The brisket and the chicken were delicious. The brisket and the rice went well together. Juicy, tender, and tasty. I’m now scheming how I can make it back every day of the week to get to enjoy the whole menu. Only problem is, it’s a thousand miles further.

Glenda's Creole Kitchen on Urbanspoon

Our Not-So-Camping Experience at Wyalusing State Park

So my best friend from high school and his wife live up in Minnesota and went to a woodsy far northern university for college. They are outdoorsy and do some pretty serious camping on their time off with their old college friends.

When we knew we were moving back from Louisiana, I gave him a call to suggest we plan a weekend this summer for my wife and I to go camping with them. They had a pretty tight schedule so it worked out that the weekend after we moved up here was the best time for them. So up to the Wyalusing State Park it was.

I was excited to see the Native American effigy mounds and the view from the top of the five hundred foot high palisades overlooking the junction of the Wisconsin and Mississippi Rivers.

We all arrived at 11pm on a Friday. I soon learned that when I suggested we should go camping together, I hadn’t really meant camping per se. But camping we were.

My wife and I had a never-opened two person tent she bought in college while thinking to the day she would be backpacking alone in the mountains of Thailand. I had mentioned to my friend I was considering picking up an inflatable air mattress, but he made fun of me so I foolishly scrapped the idea.

There we were with our tiny tent, no mattress, no pillows–we had forgotten them–and a complete lack of ventilation that made it so hot we were practically naked on top of the sleeping bags trying to get to sleep. They, on the other hand, brought a 5+ person tent with plenty of ventilation, a double air mattress, and no intention of inviting us over.

Two of the most sweaty, miserable hours ensued. We shifted from position to painful position and vacillated through all levels of consciousness yet never reaching that most coveted of levels: sleep.

The weekend before we pulled an all-nighter driving 18 hours back to Illinois and I was not about to endure another all-nigher, knowing it would make it impossible for us to function the next two days.

This was precisely the moment I realized that when I had suggested we meet up to go camping, I had really envisioned staying in a hotel or couchsurfing. I couldn’t take it any longer. I told my wife it wasn’t worth it and asked if we could go to a hotel. She said she could make it through the night but said she thought she was going to be the first one to crack. I insisted, both because I was about to go insane and because I didn’t want the smoke building up in our tent from the surrounding campfires to upset her asthma.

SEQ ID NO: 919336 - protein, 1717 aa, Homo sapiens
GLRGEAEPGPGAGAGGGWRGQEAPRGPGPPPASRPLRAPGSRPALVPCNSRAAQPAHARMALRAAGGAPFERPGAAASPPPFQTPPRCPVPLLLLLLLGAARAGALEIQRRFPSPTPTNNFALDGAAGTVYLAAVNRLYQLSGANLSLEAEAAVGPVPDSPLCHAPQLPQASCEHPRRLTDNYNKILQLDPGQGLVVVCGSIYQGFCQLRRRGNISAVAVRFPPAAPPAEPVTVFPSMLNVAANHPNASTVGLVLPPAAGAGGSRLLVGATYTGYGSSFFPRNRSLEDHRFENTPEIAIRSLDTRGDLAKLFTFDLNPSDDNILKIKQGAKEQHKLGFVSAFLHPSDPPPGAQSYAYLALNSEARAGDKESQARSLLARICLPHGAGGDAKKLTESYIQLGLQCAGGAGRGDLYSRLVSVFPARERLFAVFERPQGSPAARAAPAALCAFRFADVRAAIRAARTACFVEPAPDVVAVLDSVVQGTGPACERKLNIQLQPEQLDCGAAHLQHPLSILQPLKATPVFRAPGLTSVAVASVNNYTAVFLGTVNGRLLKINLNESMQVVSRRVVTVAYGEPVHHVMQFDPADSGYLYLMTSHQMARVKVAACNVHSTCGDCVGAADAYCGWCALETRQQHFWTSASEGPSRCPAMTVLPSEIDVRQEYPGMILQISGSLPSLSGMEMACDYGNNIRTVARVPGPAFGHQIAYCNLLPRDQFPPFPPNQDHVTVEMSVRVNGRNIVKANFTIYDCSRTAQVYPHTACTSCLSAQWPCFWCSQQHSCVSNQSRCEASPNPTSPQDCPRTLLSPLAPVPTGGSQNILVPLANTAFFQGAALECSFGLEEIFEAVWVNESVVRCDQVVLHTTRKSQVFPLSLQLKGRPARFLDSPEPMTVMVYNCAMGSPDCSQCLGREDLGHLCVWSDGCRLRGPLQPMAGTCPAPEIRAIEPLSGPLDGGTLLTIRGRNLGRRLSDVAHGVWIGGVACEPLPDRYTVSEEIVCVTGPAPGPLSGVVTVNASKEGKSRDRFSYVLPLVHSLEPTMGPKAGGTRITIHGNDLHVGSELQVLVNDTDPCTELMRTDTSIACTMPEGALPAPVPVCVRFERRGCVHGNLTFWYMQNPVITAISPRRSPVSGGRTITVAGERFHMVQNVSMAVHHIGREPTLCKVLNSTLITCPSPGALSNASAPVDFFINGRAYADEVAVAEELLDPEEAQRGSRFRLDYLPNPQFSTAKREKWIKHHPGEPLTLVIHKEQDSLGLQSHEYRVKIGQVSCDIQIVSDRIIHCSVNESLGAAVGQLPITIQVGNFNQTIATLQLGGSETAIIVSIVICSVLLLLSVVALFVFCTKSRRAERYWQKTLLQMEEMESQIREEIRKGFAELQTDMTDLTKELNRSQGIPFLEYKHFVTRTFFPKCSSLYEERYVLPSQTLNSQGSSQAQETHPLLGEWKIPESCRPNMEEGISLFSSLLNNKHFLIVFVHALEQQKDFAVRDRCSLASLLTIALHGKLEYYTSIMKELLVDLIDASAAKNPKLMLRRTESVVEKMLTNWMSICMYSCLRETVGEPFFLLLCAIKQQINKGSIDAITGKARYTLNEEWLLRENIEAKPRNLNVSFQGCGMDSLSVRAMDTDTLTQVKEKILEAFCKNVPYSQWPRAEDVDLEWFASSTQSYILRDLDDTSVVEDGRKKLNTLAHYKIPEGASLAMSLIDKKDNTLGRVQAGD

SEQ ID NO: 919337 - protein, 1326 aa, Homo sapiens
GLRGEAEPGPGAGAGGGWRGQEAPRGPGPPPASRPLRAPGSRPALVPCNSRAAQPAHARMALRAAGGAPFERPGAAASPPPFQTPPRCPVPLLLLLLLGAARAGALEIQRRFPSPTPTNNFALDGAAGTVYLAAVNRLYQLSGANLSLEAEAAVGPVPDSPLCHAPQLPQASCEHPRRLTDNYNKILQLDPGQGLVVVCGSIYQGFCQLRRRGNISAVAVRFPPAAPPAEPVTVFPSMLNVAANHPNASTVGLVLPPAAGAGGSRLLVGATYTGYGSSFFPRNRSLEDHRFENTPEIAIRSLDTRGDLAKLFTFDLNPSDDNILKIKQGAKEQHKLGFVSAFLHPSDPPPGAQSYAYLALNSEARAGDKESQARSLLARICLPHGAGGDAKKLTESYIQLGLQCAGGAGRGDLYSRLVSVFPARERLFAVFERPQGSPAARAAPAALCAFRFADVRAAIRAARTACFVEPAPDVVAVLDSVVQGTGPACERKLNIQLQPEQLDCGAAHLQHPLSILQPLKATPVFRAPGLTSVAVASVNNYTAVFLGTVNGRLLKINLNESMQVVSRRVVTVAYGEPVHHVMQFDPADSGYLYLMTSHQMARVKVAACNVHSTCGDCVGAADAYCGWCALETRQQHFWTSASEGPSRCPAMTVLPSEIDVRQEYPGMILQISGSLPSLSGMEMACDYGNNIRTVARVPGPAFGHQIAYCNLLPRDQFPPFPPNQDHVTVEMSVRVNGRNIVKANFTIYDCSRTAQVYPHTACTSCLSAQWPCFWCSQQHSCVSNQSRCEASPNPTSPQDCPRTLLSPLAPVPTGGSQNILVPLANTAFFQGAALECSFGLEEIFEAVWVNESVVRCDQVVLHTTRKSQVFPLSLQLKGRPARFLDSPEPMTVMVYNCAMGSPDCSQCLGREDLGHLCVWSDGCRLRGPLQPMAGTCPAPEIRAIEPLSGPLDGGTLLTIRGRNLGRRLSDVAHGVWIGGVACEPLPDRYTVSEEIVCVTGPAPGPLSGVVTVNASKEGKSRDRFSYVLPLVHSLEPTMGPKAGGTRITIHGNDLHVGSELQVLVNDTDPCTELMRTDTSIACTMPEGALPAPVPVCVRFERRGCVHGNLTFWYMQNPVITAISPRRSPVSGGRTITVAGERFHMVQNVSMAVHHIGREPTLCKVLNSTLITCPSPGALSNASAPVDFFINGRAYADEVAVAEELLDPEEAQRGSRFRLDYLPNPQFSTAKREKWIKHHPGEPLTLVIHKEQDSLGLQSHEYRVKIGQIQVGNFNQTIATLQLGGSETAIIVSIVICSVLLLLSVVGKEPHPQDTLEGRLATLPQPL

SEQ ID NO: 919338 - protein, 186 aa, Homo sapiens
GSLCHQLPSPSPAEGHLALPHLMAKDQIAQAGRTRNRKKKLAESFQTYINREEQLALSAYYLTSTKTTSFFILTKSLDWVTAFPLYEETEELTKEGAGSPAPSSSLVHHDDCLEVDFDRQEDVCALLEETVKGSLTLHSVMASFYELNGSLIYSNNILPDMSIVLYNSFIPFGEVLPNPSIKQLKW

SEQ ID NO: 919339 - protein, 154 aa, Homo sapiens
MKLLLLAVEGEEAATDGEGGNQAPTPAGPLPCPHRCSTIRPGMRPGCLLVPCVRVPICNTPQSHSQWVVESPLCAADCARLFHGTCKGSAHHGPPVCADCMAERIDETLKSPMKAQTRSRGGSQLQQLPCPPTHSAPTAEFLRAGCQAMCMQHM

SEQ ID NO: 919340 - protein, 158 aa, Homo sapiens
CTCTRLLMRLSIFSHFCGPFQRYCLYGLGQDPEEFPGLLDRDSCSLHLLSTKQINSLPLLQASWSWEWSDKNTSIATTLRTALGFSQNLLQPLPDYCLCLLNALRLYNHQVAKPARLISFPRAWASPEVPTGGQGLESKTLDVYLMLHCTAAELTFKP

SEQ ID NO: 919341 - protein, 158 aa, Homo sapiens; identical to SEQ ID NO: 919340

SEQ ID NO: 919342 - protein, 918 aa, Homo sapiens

We sent a quick text to their tent to inform them we were heading out to Prairie du Chien to find a hotel and would be back for breakfast.

Now although it felt like we were wussing out on our friends and had failed to impress them with our ruggedness, I suggested that while they live in the suburbs and occasionally go camping, perhaps we’d been the ones to live a little too rustically for the past three years. Their tent, I noted, was more bug proof than our shotgun house in Louisiana and I’m sure they’ve never had a bug in their house. I for one, felt we were okay.  Our friends, initially gave us a little flak, but understood and had a good time with us.

The weekend went on. We enjoyed hiking, the views, and the park’s observatory where we caught an impressive view of Saturn in the night sky. I learned that polaris will only be our north star for another 10,000 years or so. Not to worry, it will return as the north star in 35,000 years.

We ironically caught Prairie du Chien’s 2nd annual Cajun Fest and ended up making some great pizza sandwiches on the campfire with square sandwich pie irons. Take that marshmallow roasting sticks! So all in all, all’s well that end’s well.

Savory Nawlins Alligator Cheesecake and the Pursuit of Phò Tàu Bay

So the minutes are counting down. I’m scrambling to squeeze in a couple final hurrah’s in Louisiana before we head out the state Wednesday. I’m pleased to report I got in one item I thought there’d be no way for me to get: Alligator cheesecake.

Enter my beautiful, brilliant wife. She suggested we drive the hour and a half to Gretna for lunch the next day at Phò Tàu Bay. It’d be our last chance to pull it off and complete some unfinished business, as we’d tried unsuccessfully to eat there twice before.

I was stoked. Not only would I get a sexy date with my wife and the best Vietnamese food in Louisiana, but also I could–just maybe–pull off sneaking in the piece of savory cheesecake I’d previously thought impossible.